Weather Forecasts May Help Reduce Greenhouse Gas Emissions From Nitrogen Fertilser

Increasing the sustainability credentials of agriculture extends to fertilizer applications, which works along the four R's; right product, right time,right rate and right place.
calendar icon 22 July 2014
clock icon 3 minute read

Agriculture is responsible for up to 30 per cent of human-caused greenhouse gas emissions, according to a government coordinated report on farming and climate management. 

Nitrous oxide (N2 O) is of particular concern for the industry because it has a global warming potential nearly 300 times that of carbon dioxide.

More than half of Australia’s N2 O emissions come from in-crop applied fertiliser. Under Australian conditions, N2 O emissions tend to be greatest when soils are warm and waterlogged and in paddocks with high carbon and nitrate content.

Adding nitrogen fertiliser to the soil before heavy rainfall is a recipe for increasing N2 O emissions. But can recent advances in dynamical weather forecasting be a cost-effective way to reduce N2 O emissions from nitrogen fertiliser?

This is the question now being asked by a team of researchers at the Queensland University of Technology (QUT), as part of the Managing Climate Variability (MCV) program’s ongoing research into climate forecasting for the Australian agricultural industry.

The QUT project is a partnership between the South Australian Research and Development Institute, the Bureau of Meteorology, and the Charles Sturt University campus at Orange.

"Recent advances in the science, availability and communication of weekly and multi-week weather forecasts have unrealised potential in managing nitrogen fertiliser", says QUT’s Dr Clemens Scheer, who is heading the research project.

One of the measuring chambers used by the researchers to measure N2 O emissions in the field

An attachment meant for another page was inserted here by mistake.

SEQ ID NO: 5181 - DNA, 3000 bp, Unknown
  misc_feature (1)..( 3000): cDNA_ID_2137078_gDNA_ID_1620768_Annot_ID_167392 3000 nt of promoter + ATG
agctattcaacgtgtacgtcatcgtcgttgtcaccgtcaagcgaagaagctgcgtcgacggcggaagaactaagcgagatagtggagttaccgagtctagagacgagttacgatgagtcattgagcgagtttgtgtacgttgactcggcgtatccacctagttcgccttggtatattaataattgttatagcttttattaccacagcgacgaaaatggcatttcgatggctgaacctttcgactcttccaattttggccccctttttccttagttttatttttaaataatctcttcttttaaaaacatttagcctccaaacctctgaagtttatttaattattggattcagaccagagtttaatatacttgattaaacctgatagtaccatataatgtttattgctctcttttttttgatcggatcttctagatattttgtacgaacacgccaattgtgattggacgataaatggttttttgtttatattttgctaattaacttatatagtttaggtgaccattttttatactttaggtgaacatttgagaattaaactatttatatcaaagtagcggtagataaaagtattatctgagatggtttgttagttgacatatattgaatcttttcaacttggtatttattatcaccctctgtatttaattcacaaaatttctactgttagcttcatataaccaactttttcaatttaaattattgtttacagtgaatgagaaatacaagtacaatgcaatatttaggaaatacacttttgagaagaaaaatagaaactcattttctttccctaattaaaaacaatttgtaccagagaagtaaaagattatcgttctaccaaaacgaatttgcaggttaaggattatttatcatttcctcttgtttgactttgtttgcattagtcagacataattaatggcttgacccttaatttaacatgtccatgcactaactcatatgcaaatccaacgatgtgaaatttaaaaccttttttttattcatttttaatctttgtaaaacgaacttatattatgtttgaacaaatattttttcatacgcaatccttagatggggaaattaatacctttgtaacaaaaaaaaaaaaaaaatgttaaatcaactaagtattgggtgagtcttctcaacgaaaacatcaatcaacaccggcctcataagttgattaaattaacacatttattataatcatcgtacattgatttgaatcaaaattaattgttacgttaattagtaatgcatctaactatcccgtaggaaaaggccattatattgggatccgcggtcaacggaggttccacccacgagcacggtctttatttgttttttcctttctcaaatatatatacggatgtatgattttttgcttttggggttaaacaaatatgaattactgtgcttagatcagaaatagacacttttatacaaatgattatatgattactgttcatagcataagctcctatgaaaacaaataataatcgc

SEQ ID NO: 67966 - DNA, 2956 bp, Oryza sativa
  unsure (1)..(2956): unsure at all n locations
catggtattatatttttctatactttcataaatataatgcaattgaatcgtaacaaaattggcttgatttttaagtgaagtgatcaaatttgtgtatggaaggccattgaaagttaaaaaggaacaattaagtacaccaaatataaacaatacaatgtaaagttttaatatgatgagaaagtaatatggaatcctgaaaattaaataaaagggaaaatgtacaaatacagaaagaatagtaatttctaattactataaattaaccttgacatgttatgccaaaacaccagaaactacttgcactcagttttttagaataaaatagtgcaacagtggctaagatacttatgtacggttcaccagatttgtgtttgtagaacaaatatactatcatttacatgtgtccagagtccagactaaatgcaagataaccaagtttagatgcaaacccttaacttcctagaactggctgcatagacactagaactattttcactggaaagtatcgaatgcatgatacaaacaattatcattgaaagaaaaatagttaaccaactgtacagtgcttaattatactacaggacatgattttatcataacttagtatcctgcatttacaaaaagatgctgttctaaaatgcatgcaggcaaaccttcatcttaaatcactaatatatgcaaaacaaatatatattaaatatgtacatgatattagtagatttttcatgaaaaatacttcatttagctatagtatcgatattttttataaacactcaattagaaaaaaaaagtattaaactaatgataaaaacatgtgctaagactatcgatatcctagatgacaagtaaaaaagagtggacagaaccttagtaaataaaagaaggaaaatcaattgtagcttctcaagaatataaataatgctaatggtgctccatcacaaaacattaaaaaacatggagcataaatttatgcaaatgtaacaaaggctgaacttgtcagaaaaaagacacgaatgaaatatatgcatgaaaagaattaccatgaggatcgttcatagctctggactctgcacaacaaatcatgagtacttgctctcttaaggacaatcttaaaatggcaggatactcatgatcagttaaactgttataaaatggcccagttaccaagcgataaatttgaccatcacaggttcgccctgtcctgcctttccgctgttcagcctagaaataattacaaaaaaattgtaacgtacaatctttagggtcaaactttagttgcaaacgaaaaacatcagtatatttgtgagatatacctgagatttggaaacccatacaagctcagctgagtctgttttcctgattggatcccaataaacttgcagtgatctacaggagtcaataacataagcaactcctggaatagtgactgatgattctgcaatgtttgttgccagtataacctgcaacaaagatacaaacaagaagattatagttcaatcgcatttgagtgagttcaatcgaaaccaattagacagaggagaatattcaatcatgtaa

This unrealised potential, he explains, lies in more efficient use of nitrogen fertiliser.

"Farmers have long been advised, as part of best management practice, to avoid applying nitrogen fertiliser on moist soils before heavy rain", he says.

This becomes complicated, however, as farmers in dryland and regularly irrigated areas welcome the rain after top-dressing crops and pasture with fertiliser.

"The fertiliser industry is promoting the four Rs: right product, right rate, right time and right place", Dr Scheer says.

"Our project is focusing on using weather forecasts as a guide to help farmers make these decisions. We are using forecasts to adjust the timing, and in some cases, the rate of fertiliser application."

Researchers have found that a more efficient use of nitrogen fertiliser will not only have economic benefits by maximising plant uptake, but will also minimise N2 O emissions as well as other losses through denitrification, deep drainage and run-off.

The MCV project aims to develop a framework to study nitrogen fertiliser use in Australian farming systems and determine how weather and climate forecasts can be used to make better decisions.

The project will use a combination of climate simulation modelling and decision analysis. It will then apply the framework to case studies across the grains, dairy and sugar industries, and evaluate the framework’s impact on farm productivity and N2 O emissions.

"It’s all part of developing the information-rich, smart farming systems that are vital in the process of mitigating and adapting to climate change", Dr Scheer says.

"We will then be able to assess if using weather forecasts for nitrogen fertiliser decisions can also be the basis for an offset methodology for N2 O abatement under the federal government’s Carbon Farming Initiative."

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